Neuroblastoma polysomal mRNAs have been fractionated by a combination of oligo(dT)-cellulose and Millipore filter techniques into four classes, each containing a different average length of poly(A). These classes are present in mRNAs isolated using different extraction techniques and they probably represent the steady state mRNA distribution in neuroblastoma cells. Quantitation of the biological activity of each fraction in a wheat germ translation system shows that 32% of the mRNAs contain no oligo(A)s longer than 6; 4% have poly(A)s between 6 and 20 nucleotides, 22% have between 20 and 50 nucleotides, and 42% have greater than 50 nucleotides. Two-dimensional gel electrophoresis of the proteins synthesized by the unfractionated and fractionated mRNAs showed there was no mRNA degradation during the fractionation procedures. Analysis of the most abundant peptides synthesized by each RNA fraction shows that most mRNAs are found in each of the four populations. However, the distribution of some individual mRNAs varies widely. The α- and β-tubulin mRNAs are examples of those which are more abundant in the population with long poly(A)s. In contrast, a significant proportion of the mRNAs coding for actin and the R 1 and R 2 cAMP-binding proteins are nonadenylated. The histone mRNAs are unique in that they are more abundant in the non-adenylated mRNAs than in the mRNAs containing short stretches of poly(A). These results are consistent with a model wherein the poly(A) termini in some mRNA species are more rapidly cleaved than in others.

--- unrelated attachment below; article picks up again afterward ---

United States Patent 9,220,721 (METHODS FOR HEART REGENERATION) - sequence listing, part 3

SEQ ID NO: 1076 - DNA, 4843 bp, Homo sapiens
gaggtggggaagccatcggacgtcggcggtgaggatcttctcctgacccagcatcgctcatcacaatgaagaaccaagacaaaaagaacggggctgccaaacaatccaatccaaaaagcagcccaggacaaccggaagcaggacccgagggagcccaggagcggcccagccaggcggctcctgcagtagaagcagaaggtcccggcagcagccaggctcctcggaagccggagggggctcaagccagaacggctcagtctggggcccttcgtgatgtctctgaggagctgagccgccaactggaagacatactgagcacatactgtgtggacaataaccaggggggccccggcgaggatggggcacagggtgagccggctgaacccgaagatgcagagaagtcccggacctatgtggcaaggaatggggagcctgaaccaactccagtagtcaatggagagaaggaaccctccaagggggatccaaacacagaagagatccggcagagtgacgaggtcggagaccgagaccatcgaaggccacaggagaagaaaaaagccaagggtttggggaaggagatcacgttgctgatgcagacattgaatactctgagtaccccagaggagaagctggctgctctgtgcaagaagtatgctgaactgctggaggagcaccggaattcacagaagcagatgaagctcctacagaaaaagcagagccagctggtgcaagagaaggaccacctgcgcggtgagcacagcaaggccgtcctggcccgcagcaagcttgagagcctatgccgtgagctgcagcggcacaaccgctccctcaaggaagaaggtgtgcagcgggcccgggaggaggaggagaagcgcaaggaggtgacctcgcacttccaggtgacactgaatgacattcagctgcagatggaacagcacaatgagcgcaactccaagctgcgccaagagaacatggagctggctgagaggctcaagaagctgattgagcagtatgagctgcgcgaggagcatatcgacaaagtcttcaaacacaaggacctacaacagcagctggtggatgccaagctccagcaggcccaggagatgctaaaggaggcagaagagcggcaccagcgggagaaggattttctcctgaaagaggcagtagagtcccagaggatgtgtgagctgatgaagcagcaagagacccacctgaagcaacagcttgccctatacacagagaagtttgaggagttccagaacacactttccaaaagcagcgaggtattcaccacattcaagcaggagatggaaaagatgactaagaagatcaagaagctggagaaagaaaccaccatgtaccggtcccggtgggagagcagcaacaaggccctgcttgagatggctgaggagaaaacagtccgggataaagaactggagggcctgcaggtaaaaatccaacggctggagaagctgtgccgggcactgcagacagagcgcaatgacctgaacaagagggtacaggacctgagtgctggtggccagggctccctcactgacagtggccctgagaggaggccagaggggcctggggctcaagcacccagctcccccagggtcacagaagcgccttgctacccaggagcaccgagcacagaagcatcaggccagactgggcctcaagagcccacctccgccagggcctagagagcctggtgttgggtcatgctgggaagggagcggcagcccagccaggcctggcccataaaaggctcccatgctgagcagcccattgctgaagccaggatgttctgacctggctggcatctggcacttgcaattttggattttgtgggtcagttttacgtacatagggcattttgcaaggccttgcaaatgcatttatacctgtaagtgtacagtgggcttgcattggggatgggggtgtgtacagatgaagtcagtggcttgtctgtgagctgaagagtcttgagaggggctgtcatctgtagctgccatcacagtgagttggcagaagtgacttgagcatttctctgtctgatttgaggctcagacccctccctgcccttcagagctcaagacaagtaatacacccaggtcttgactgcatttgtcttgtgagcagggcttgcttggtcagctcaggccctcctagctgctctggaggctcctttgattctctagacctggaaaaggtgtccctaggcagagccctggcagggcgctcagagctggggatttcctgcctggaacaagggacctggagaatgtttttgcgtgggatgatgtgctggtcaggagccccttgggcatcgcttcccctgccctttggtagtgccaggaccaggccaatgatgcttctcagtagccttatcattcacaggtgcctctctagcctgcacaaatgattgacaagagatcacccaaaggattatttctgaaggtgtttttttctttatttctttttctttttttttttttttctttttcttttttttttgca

|Original language||English (US)|
|Number of pages||9|
|Journal||Journal of Biological Chemistry|
|Publication status||Published - 1979|
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